I'll start this review with a warning: know what you're getting yourself into before you decide to read this book.
I'm...not exactly a fan of the smut genre, but I don't mind it so much. I know what to expect from a book like this. But if you wander into it blindly...well, you'll read three chapters into the book and try to bleach your eyes out to remove the mental images.
I'm 50-50 as to whether or not I really minded this book. The writing itself wasn't bad. It was a very funny story, with colorful characters and scenery, and I found myself wanting to know more about the characters in this world, and I was rooting for them to work things out. I also want to know where Leonard learned to cook.
But...well, I can't exactly say the premise wasn't great, because the idea itself makes for an interesting story. Five bad boys needed to be hooked up with the one woman who can redeem them. It's romance-smut that basically writes itself!
It's just...the using of already established fairy tale characters. For instance, in this one, the Mad Hatter from Alice in Wonderland.
Now, not all the bachelors are ripped from other stories. There's a Djinni in there that I'm pretty sure was an original construct. But otherwise, you've got Hatter, the Wolf from Little Red Riding Hood, Gerard (Gaston) from Beauty and the Beast, and Captain Hook.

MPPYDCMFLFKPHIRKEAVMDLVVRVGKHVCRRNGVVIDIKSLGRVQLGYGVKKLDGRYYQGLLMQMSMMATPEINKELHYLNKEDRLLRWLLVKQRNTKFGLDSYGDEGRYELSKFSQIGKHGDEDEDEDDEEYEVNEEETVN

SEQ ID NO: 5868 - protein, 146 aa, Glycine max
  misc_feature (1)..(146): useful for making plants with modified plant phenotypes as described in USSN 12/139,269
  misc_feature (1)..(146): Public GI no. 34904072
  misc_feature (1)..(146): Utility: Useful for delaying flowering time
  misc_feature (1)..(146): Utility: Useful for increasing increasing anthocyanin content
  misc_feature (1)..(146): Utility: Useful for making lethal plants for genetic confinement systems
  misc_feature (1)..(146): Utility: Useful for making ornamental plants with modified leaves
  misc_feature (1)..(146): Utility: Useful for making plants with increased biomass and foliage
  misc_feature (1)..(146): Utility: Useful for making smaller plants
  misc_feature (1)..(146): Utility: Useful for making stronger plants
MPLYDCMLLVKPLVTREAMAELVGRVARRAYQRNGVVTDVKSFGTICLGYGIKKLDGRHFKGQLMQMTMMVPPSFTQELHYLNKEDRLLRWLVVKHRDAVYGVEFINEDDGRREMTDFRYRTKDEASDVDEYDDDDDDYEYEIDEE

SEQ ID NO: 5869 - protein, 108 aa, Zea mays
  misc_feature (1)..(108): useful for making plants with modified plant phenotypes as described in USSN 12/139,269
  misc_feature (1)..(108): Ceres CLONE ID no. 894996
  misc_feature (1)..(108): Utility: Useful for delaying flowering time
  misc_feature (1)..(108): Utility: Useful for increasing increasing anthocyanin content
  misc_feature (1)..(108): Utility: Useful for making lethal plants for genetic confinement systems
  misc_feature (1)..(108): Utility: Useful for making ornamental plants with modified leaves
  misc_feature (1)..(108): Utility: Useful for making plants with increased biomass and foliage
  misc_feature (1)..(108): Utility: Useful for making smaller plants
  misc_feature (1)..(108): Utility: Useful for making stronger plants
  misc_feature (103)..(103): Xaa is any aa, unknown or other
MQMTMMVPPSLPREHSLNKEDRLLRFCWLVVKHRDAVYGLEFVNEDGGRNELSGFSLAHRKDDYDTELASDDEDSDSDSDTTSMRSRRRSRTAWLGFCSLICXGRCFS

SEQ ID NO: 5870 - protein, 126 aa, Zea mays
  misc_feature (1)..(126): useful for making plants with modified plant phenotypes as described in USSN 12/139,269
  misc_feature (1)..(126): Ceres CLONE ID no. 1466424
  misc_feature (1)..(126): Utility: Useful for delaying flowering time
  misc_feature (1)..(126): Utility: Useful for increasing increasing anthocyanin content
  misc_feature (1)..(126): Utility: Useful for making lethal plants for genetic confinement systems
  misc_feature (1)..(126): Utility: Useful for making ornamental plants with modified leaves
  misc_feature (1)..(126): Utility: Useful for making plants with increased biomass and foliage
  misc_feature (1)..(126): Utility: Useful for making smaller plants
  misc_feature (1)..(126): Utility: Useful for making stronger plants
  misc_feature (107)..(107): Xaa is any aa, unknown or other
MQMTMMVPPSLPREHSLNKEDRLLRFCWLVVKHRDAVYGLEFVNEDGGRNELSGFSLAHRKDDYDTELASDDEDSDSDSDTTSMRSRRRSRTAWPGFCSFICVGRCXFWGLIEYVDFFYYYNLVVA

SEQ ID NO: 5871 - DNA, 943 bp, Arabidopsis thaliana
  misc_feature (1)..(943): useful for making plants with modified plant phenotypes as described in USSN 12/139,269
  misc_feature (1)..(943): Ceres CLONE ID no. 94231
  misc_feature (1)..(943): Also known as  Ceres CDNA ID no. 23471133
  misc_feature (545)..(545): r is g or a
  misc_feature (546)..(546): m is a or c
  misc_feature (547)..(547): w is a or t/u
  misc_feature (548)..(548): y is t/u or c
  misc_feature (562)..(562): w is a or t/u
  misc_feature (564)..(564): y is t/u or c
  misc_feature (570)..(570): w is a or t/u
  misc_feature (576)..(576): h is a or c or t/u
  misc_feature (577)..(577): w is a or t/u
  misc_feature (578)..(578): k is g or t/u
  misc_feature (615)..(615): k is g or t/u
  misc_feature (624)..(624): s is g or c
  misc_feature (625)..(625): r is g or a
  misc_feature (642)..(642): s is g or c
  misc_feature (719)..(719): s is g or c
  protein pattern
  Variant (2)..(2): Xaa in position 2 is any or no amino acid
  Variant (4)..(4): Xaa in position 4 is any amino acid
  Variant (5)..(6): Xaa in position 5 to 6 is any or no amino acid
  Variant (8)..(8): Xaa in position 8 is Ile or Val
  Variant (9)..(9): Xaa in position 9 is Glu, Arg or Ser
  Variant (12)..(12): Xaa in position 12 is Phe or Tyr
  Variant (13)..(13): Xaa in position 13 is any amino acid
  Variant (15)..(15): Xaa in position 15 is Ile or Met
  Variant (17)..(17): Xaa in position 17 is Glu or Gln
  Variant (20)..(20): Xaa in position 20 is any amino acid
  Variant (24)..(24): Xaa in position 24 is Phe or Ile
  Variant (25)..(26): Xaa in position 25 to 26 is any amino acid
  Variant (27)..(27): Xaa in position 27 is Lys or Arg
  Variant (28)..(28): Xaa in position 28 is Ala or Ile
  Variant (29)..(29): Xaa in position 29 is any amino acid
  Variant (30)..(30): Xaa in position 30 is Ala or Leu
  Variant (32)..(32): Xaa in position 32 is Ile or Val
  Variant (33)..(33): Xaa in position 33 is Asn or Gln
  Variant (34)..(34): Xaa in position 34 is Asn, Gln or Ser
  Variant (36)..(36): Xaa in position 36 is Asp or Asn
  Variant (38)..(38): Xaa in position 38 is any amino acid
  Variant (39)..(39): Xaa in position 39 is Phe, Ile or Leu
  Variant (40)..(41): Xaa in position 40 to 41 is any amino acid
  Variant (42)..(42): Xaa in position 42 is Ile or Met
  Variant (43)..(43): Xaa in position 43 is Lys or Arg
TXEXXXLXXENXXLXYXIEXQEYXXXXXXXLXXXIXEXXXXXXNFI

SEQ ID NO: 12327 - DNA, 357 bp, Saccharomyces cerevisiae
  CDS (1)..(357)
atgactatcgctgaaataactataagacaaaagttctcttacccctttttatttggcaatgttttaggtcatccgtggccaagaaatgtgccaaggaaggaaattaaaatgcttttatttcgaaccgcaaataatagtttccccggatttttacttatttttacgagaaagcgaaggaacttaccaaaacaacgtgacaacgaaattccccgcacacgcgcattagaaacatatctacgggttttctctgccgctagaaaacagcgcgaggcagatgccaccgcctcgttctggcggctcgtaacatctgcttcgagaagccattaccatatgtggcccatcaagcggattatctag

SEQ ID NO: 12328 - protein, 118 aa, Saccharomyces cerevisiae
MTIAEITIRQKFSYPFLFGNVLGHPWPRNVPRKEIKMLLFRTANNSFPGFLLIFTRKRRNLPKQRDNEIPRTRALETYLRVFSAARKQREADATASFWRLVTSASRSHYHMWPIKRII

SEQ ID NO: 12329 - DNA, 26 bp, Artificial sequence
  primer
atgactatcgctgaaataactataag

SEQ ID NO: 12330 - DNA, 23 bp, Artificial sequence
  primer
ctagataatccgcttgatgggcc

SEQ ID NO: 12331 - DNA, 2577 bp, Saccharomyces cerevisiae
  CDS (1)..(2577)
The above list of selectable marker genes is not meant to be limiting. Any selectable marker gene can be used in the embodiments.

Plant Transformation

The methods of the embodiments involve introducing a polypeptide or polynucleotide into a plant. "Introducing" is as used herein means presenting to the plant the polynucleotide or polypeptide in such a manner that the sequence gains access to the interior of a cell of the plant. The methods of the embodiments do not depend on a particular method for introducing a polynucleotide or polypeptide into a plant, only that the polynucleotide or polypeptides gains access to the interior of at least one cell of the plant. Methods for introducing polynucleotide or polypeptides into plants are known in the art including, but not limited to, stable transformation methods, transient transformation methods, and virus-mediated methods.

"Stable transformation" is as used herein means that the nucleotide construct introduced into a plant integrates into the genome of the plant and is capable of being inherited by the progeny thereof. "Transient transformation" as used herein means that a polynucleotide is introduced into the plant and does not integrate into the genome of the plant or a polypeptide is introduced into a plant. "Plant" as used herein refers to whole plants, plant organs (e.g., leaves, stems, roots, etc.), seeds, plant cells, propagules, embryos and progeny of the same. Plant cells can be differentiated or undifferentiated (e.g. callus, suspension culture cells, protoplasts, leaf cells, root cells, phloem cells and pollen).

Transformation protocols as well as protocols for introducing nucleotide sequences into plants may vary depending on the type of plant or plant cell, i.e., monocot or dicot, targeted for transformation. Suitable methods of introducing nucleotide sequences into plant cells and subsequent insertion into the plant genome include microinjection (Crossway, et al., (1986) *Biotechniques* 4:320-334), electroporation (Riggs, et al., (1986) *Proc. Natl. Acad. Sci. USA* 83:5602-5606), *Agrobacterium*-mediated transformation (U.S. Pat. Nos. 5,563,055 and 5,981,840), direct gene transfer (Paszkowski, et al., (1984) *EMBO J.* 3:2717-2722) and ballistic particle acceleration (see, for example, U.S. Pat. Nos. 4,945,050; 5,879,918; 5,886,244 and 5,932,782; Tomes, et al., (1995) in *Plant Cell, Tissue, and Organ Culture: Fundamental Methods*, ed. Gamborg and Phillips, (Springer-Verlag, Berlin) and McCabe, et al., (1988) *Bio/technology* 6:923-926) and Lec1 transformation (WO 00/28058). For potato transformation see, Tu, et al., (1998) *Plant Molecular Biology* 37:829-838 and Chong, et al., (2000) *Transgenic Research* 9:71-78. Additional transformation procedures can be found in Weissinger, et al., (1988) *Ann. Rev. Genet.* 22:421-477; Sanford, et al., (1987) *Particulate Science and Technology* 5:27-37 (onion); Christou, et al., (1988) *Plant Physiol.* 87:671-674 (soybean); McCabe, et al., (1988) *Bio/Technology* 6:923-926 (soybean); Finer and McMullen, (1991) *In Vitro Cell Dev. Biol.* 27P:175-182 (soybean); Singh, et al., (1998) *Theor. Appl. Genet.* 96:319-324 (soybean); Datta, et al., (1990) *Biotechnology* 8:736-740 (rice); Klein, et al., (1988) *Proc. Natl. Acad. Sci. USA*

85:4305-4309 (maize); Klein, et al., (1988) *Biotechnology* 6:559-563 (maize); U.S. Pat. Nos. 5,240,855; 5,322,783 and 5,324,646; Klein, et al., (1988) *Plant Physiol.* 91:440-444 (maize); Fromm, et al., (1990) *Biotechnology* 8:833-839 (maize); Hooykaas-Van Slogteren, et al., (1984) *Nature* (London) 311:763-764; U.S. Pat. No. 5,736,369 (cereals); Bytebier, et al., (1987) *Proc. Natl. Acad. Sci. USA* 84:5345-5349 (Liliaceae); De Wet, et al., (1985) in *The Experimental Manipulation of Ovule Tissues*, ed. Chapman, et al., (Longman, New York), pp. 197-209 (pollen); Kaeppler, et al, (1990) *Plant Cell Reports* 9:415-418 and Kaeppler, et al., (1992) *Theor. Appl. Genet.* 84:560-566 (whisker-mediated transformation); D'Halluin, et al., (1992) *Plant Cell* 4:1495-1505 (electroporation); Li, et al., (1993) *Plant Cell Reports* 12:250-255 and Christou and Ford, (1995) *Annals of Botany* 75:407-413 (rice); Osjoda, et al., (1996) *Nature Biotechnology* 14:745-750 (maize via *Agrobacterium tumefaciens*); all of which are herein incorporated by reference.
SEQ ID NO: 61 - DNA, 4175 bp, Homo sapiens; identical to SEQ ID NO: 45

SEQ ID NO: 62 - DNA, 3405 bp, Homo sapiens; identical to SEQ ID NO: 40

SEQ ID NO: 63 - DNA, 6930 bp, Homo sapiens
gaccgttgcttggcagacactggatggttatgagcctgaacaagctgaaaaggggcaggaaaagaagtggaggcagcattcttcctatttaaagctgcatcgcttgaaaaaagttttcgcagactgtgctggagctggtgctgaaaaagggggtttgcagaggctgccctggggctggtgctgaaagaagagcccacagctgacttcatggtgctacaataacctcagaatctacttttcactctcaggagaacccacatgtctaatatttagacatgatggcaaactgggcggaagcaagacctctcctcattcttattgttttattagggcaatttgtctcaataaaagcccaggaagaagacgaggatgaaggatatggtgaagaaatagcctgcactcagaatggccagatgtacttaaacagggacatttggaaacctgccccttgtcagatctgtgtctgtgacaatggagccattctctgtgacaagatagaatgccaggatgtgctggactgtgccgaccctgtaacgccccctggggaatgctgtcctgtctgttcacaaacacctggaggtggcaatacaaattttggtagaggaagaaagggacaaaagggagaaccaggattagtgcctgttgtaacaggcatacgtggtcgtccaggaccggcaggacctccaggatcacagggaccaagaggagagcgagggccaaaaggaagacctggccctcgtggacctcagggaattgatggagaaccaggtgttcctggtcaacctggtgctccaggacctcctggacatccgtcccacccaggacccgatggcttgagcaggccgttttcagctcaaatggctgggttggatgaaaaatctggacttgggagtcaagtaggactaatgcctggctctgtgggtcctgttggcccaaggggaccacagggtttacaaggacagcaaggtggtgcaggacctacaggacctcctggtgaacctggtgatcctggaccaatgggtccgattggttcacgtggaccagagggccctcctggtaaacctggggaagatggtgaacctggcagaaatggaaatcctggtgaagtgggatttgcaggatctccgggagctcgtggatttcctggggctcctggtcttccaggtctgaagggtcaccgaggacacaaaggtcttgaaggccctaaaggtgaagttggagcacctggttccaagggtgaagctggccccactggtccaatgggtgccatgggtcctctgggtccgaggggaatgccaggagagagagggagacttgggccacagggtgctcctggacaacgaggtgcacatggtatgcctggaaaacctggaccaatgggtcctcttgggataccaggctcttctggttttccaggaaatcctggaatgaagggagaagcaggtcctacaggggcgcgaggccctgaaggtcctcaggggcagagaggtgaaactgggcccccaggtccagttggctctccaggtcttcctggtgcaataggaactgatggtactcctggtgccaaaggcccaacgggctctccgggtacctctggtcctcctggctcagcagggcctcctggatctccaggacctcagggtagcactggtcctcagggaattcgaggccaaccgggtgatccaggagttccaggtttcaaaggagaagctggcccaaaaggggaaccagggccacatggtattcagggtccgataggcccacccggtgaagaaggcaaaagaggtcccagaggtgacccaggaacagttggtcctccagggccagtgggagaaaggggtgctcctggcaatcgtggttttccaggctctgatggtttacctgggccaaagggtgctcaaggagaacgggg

Maybe part of my problem is all I can picture are the Disney equivalents of all those characters...actually, I think that might be it.
Also trying to figure out how she gets around the whole bestiality thing with Wolf. I'm very, very tempted to get the rest of the books, just to find that one thing out.
...another problem I had was the romanticizing of Hatter's madness. Hall painted him as a tortured soul, caught just at the border of insanity and sanity, jumping between the two at the drop of a hat. (Hehe.) During his fits of insanity, he could be cruel, and nasty, which is proper for someone who has a genuine mental condition...but it still didn't sit right with me.
"Does your boyfriend often fly into random fits of anger, cause you physical harm and emotional trauma? Don't worry about it! He'll be in a better mood later...he's just a tortured soul! You can temper his insanity if you just love him enough!"
And I thought Twilight was bad with that...
I mean, it's not even a cool mental illness. The phrase "mad as a hatter" (possibly) comes from the fact that hat-makers used to use mercury treat felt, which was a popular hat material back in the day. As we know today, mercury is a very deadly poison, and makes people go crazy. I wonder if people back then just thought that crazy people just naturally became hat-makers.